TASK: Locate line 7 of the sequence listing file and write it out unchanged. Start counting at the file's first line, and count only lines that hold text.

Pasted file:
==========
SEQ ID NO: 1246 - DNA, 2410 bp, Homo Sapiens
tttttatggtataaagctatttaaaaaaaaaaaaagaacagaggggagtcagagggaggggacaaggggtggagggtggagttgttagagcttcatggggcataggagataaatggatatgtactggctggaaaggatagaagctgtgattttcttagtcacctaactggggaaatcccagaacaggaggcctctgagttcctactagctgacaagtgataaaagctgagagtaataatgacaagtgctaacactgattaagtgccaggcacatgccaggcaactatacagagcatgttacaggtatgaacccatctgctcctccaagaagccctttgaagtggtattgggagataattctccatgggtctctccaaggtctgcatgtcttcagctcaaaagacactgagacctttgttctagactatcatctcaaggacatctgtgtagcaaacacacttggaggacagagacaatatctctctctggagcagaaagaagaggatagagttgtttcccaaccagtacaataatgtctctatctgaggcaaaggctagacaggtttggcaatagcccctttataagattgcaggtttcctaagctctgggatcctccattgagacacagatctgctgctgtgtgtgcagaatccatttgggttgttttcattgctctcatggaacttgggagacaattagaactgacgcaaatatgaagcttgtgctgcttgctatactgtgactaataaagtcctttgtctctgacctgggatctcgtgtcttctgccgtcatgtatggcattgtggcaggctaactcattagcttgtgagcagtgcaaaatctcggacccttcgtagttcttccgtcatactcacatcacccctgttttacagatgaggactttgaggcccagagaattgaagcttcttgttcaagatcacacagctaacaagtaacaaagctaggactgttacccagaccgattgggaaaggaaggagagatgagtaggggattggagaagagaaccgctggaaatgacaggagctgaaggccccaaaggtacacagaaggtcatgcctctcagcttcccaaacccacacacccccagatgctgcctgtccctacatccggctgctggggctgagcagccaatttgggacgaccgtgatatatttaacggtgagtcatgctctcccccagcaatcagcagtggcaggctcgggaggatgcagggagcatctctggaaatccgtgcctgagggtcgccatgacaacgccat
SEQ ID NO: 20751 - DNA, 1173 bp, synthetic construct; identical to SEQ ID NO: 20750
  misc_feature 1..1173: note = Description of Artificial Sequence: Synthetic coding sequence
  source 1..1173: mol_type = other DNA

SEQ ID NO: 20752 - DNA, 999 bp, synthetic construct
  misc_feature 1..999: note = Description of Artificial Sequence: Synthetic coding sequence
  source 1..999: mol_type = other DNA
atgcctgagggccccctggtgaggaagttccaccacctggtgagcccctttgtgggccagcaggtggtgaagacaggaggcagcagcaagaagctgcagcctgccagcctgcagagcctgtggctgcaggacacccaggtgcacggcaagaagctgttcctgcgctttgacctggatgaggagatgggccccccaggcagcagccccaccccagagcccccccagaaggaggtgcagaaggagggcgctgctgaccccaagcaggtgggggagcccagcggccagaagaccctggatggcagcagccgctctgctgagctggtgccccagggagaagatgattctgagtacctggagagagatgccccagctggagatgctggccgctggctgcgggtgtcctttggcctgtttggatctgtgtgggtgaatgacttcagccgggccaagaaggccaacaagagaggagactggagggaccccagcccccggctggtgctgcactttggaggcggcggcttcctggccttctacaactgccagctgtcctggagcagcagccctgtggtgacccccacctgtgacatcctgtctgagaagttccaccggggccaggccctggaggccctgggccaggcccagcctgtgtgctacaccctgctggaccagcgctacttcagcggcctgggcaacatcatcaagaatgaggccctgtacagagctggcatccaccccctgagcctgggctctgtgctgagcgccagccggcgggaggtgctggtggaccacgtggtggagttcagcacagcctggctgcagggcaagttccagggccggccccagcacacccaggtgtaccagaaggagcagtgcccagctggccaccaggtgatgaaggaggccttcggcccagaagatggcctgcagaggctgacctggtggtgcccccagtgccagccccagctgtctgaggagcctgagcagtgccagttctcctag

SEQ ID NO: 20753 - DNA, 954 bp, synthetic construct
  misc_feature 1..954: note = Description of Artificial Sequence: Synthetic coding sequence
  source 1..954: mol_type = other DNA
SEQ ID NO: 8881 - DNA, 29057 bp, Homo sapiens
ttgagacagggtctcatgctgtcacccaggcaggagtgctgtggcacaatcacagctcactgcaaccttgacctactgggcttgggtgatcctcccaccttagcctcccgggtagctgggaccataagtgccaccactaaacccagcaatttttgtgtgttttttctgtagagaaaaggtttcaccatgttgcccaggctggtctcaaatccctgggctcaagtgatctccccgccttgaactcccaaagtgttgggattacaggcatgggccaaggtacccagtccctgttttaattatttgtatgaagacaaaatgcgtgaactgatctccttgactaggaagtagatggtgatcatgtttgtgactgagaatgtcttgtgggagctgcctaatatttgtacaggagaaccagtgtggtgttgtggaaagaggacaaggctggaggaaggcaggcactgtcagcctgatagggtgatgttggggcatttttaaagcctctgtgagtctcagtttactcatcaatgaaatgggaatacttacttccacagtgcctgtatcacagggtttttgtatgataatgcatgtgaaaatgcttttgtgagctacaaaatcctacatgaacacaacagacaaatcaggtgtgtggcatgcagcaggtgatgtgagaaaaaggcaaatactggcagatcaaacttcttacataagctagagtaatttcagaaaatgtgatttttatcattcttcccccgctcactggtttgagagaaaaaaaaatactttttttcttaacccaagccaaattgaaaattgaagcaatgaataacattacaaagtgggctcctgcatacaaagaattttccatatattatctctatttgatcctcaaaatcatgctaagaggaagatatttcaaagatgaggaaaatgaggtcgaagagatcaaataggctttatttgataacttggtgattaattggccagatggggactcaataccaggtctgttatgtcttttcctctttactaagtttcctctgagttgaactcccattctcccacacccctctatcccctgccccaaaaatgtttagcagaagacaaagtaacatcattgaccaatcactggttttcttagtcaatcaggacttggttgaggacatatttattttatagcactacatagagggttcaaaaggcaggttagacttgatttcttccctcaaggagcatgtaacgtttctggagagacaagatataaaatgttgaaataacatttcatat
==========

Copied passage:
  misc_feature 1..999: note = Description of Artificial Sequence: Synthetic coding sequence